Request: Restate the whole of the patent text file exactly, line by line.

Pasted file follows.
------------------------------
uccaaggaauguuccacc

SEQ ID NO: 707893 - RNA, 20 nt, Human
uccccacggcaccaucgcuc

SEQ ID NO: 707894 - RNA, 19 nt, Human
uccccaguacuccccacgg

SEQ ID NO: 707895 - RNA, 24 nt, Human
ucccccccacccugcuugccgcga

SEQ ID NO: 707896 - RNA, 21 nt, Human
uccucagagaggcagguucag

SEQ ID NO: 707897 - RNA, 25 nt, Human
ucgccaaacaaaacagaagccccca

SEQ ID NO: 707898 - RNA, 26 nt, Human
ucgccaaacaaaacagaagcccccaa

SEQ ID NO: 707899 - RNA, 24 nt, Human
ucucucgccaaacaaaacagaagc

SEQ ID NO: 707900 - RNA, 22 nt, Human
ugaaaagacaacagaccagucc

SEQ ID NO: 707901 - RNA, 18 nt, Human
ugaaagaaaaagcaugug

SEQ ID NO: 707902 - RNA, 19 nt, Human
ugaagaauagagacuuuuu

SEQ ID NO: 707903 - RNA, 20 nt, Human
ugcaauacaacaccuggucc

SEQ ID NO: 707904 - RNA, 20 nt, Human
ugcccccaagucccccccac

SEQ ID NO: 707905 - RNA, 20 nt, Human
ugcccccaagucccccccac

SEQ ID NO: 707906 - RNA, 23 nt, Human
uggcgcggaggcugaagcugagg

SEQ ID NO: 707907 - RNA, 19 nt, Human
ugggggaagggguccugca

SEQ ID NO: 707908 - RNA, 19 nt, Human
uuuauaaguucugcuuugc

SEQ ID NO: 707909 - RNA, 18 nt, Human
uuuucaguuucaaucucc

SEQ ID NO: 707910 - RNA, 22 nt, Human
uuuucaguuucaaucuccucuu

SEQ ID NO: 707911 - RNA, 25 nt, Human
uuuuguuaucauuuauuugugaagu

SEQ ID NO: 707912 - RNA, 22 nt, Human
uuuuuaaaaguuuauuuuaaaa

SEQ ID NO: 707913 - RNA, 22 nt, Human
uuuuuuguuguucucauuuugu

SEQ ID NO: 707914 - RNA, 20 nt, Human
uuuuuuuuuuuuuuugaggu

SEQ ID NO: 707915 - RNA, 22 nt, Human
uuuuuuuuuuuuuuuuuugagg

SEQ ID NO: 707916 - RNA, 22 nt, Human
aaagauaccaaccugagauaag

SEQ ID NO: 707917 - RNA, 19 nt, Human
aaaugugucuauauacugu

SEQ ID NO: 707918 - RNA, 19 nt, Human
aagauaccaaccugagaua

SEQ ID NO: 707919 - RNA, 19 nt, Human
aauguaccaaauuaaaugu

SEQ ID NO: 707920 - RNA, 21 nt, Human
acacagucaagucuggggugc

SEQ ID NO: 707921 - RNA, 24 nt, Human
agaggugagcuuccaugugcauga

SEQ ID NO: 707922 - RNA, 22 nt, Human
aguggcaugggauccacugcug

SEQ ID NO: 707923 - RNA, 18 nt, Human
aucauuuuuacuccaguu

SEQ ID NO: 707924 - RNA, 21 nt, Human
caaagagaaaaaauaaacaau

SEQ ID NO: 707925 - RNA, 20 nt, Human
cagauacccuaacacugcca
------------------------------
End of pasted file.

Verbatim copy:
uccaaggaauguuccacc

SEQ ID NO: 707893 - RNA, 20 nt, Human
uccccacggcaccaucgcuc

SEQ ID NO: 707894 - RNA, 19 nt, Human
uccccaguacuccccacgg

SEQ ID NO: 707895 - RNA, 24 nt, Human
ucccccccacccugcuugccgcga

SEQ ID NO: 707896 - RNA, 21 nt, Human
uccucagagaggcagguucag

SEQ ID NO: 707897 - RNA, 25 nt, Human
ucgccaaacaaaacagaagccccca

SEQ ID NO: 707898 - RNA, 26 nt, Human
ucgccaaacaaaacagaagcccccaa

SEQ ID NO: 707899 - RNA, 24 nt, Human
ucucucgccaaacaaaacagaagc

SEQ ID NO: 707900 - RNA, 22 nt, Human
ugaaaagacaacagaccagucc

SEQ ID NO: 707901 - RNA, 18 nt, Human
ugaaagaaaaagcaugug

SEQ ID NO: 707902 - RNA, 19 nt, Human
ugaagaauagagacuuuuu

SEQ ID NO: 707903 - RNA, 20 nt, Human
ugcaauacaacaccuggucc

SEQ ID NO: 707904 - RNA, 20 nt, Human
ugcccccaagucccccccac

SEQ ID NO: 707905 - RNA, 20 nt, Human
ugcccccaagucccccccac

SEQ ID NO: 707906 - RNA, 23 nt, Human
uggcgcggaggcugaagcugagg

SEQ ID NO: 707907 - RNA, 19 nt, Human
ugggggaagggguccugca

SEQ ID NO: 707908 - RNA, 19 nt, Human
uuuauaaguucugcuuugc

SEQ ID NO: 707909 - RNA, 18 nt, Human
uuuucaguuucaaucucc

SEQ ID NO: 707910 - RNA, 22 nt, Human
uuuucaguuucaaucuccucuu

SEQ ID NO: 707911 - RNA, 25 nt, Human
uuuuguuaucauuuauuugugaagu

SEQ ID NO: 707912 - RNA, 22 nt, Human
uuuuuaaaaguuuauuuuaaaa

SEQ ID NO: 707913 - RNA, 22 nt, Human
uuuuuuguuguucucauuuugu

SEQ ID NO: 707914 - RNA, 20 nt, Human
uuuuuuuuuuuuuuugaggu

SEQ ID NO: 707915 - RNA, 22 nt, Human
uuuuuuuuuuuuuuuuuugagg

SEQ ID NO: 707916 - RNA, 22 nt, Human
aaagauaccaaccugagauaag

SEQ ID NO: 707917 - RNA, 19 nt, Human
aaaugugucuauauacugu

SEQ ID NO: 707918 - RNA, 19 nt, Human
aagauaccaaccugagaua

SEQ ID NO: 707919 - RNA, 19 nt, Human
aauguaccaaauuaaaugu

SEQ ID NO: 707920 - RNA, 21 nt, Human
acacagucaagucuggggugc

SEQ ID NO: 707921 - RNA, 24 nt, Human
agaggugagcuuccaugugcauga

SEQ ID NO: 707922 - RNA, 22 nt, Human
aguggcaugggauccacugcug

SEQ ID NO: 707923 - RNA, 18 nt, Human
aucauuuuuacuccaguu

SEQ ID NO: 707924 - RNA, 21 nt, Human
caaagagaaaaaauaaacaau

SEQ ID NO: 707925 - RNA, 20 nt, Human
cagauacccuaacacugcca